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Neoadjuvant Combinations in HER2+ Breast Cancer

Panelists: Adam M. Brufsky, MD, University of Pittsburgh Cancer Institute; Ahmad Awada, MD, PhD, Jules Bordet Institute; Wolfgang J. Janni, MD, PhD, University of Ulm; Hope S. Rugo, MD, UCSF Helen Diller Family Comprehensive Cancer Center; Michael Untch, MD, Helios Klinikum Berlin-Buch
Published Online: Monday, Nov 28, 2016



Transcript:

Adam M. Brufsky, MD, PhD:
Let’s talk about that for a minute. The first real dual inhibition that got approved on this basis, Hope, really was pertuzumab. So, we have NeoSphere, we have TRYPHAENA, we have trials that really now have improved the pathologic complete response rate. What’s your feeling? Now, we even have data that, at least minimally—and we’ll talk about this in a minute—support the idea that pathologic CR did result in an improved 5-year disease-free survival. You want to talk a little bit about the long-term data from NeoSphere?

Hope S. Rugo, MD: Well, I think that, first of all, the FDA approving drugs based on pathologic complete response rate is a very unique situation. We have one drug that has accelerated approval and no others. That drug happened to have already been approved based on very favorable toxicity and not only improved progression-free survival, but improved survival. It was quite dramatic in the metastatic setting in the CLEOPATRA trial. So, I think that it’s a unique situation where you couldn’t really lose from giving it, and it’s such a limited exposure. You only give it in that time course, and certainly, we give it in that time course in the adjuvant setting, as well, based on that information.

Looking at long-term results from neoadjuvant therapy is complicated. A lot of these trials, including NeoSphere, gave anthracycline post surgery. I think that there’s certainly the ability in HER2-positive and triple-negative disease to overcome resistance to taxane-based therapy and maybe even to some degree in HER2-positive disease to HER2-targeted therapy by giving an anthracycline. So, you do change the disease-free survival assessment if you give chemotherapy post surgery, and that’s been an issue, as well as the fact that neoadjuvant trials by design are not powered as a primary endpoint to look at disease-free survival. I think that we definitely saw that giving trastuzumab versus not in the early trials, like NOAH, improved outcome. That wasn’t a question.

Once we’ve gotten into already improved outcome and adding more drugs, it’s been more complicated. And I think NeoSphere is an example of that. It certainly didn’t show no benefit, but the benefit was modest. I think it’s affected by what you give patients after surgery and by a number of other factors. So, it doesn’t really bother me that we don’t see the huge differences, but I think it has taught us a lesson about what we should expect in terms of the long-term outcome from these neoadjuvant trials.

Adam M. Brufsky, MD, PhD: Right. One question, really, that has brought this into perspective, and I’d like to ask my European colleagues about this, is NeoALTTO. Lapatinib doubled the pathologic complete response rate when added to trastuzumab-based therapy, but really did not have a significant 5-year disease-free survival benefit. Michael, can you comment on that?

Michael Untch, MD: Absolutely, yes. I have the impression that we, in the neoadjuvant area—and Hope was focusing exactly on this, she put the fingers a little bit in the wound—do some kind of two steps forward and one step back. So, NeoALTTO, number 1, was underpowered to see a survival benefit because this trial was designed to see a path CR difference between the study arm—so, either the trastuzumab arm, or the lapatinib arm, or the combination of trastuzumab and lapatinib. And number 2, one of the major design flaws of the study, which might explain the outcome, is that the anthracycline portion of the chemotherapy was given after surgery, which means that these patient have not received the optimal neoadjuvant chemotherapy portion. And just giving a taxane with an anti-HER2 therapy or a double combination is a very nice hypothesis-generating trial. But to use the results of this trial to extrapolate for disease-free and overall survival is not the proper way.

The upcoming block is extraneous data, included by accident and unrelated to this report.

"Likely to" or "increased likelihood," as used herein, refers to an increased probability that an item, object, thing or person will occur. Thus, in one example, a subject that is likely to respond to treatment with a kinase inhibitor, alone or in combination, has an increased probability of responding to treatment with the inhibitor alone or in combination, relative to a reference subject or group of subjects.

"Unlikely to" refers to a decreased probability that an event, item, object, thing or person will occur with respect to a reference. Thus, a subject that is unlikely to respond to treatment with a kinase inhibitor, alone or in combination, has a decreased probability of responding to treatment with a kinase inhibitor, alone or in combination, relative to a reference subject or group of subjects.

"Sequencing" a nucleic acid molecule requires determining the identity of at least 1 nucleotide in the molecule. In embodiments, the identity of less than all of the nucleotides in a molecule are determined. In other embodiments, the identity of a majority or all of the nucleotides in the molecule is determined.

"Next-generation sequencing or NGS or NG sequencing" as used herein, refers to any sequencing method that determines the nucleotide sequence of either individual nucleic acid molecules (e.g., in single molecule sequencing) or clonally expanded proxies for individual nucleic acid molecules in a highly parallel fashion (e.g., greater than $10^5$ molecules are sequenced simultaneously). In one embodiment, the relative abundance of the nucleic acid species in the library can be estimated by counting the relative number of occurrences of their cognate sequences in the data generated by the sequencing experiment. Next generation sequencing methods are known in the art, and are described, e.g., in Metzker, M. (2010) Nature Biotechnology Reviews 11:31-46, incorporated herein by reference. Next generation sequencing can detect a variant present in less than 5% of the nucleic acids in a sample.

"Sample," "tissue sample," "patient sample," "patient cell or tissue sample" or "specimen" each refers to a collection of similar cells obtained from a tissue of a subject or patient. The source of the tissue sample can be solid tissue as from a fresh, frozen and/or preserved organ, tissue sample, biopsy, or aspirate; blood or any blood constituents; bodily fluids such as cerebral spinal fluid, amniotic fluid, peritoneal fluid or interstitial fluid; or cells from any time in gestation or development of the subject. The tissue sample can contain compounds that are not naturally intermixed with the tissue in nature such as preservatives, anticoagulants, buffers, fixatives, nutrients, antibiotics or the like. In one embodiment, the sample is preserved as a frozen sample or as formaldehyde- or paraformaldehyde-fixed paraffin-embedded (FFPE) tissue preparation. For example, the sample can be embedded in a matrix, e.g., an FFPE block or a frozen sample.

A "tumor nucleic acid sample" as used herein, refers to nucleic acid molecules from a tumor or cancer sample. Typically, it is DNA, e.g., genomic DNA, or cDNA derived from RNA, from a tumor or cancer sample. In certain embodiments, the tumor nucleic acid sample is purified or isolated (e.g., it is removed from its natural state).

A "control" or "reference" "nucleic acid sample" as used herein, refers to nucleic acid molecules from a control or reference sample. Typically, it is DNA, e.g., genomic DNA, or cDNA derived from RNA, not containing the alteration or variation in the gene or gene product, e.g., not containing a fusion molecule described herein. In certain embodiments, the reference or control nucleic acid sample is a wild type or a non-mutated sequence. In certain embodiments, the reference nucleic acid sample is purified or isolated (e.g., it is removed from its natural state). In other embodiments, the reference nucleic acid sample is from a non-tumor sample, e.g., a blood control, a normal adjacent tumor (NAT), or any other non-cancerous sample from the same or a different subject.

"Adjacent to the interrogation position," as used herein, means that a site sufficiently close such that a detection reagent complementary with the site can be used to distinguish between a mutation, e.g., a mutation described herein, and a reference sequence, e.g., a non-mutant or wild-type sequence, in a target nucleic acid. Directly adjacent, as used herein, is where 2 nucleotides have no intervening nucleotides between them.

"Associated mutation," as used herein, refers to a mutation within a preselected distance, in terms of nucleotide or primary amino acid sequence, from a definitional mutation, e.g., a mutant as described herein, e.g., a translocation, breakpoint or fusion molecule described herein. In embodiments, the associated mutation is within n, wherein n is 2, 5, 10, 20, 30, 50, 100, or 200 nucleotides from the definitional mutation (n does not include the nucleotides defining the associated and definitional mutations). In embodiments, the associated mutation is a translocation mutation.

The proper way is to do the optimal chemotherapy as a neoadjuvant backbone treatment, with the addition of anti-HER2 therapy. If the double combination is giving us better results for pCR, especially for HER2-positive disease with a delta that is quite high, in the region of 10% to 20% between the study arm and the standard, it makes me still feel positive that we are going to see positive results in disease-free and overall survival. Let’s say for the AFFINITY trial next year in the adjuvant setting, the double combination, trastuzumab/pertuzumab, was done. Then we will see, is it going to be positive or is it going to be positive maybe just in a patient with high-risk, like node-positive? Because that study learned from ALTTO that we should stop enrolling node-negative patients in which the 5-year overall survival with anthracycline, taxane, and trastuzumab is in the range of 95%. So, how can you increase 95% to 100%-plus? That study, AFFINITY, was enriched in the patient population with node-positive disease. Let’s wait for that one, but I think it was a clever, very intelligent, and very good step for the patients to give a provisional approval for the double combinations, trastuzumab/pertuzumab, in the neoadjuvant setting. And, by the way, that was followed by the EMEA. In Germany, because I’m the speaker of all German breast cancer centers, I did a survey 2 months ago. I would say 90% of us are using, if we treat patients with neoadjuvant therapy in HER2-positive disease, double combination at the moment.

Adam M. Brufsky, MD, PhD: With pertuzumab?

Michael Untch, MD: With pertuzumab.

Adam M. Brufsky, MD, PhD: Okay. Ahmad, is it the same thing in Brussels?

Ahmad Awada, MD, PhD: It probably is not reimbursed in Belgium. But if we did exactly the same survey among our breast specialists, the majority, meaning 95%, of medical oncologists want to give the combination, dual inhibition.

Adam M. Brufsky, MD, PhD: But they can’t because of reimbursement.

Ahmad Awada, MD, PhD: Exactly, and I think this is a problem in other countries.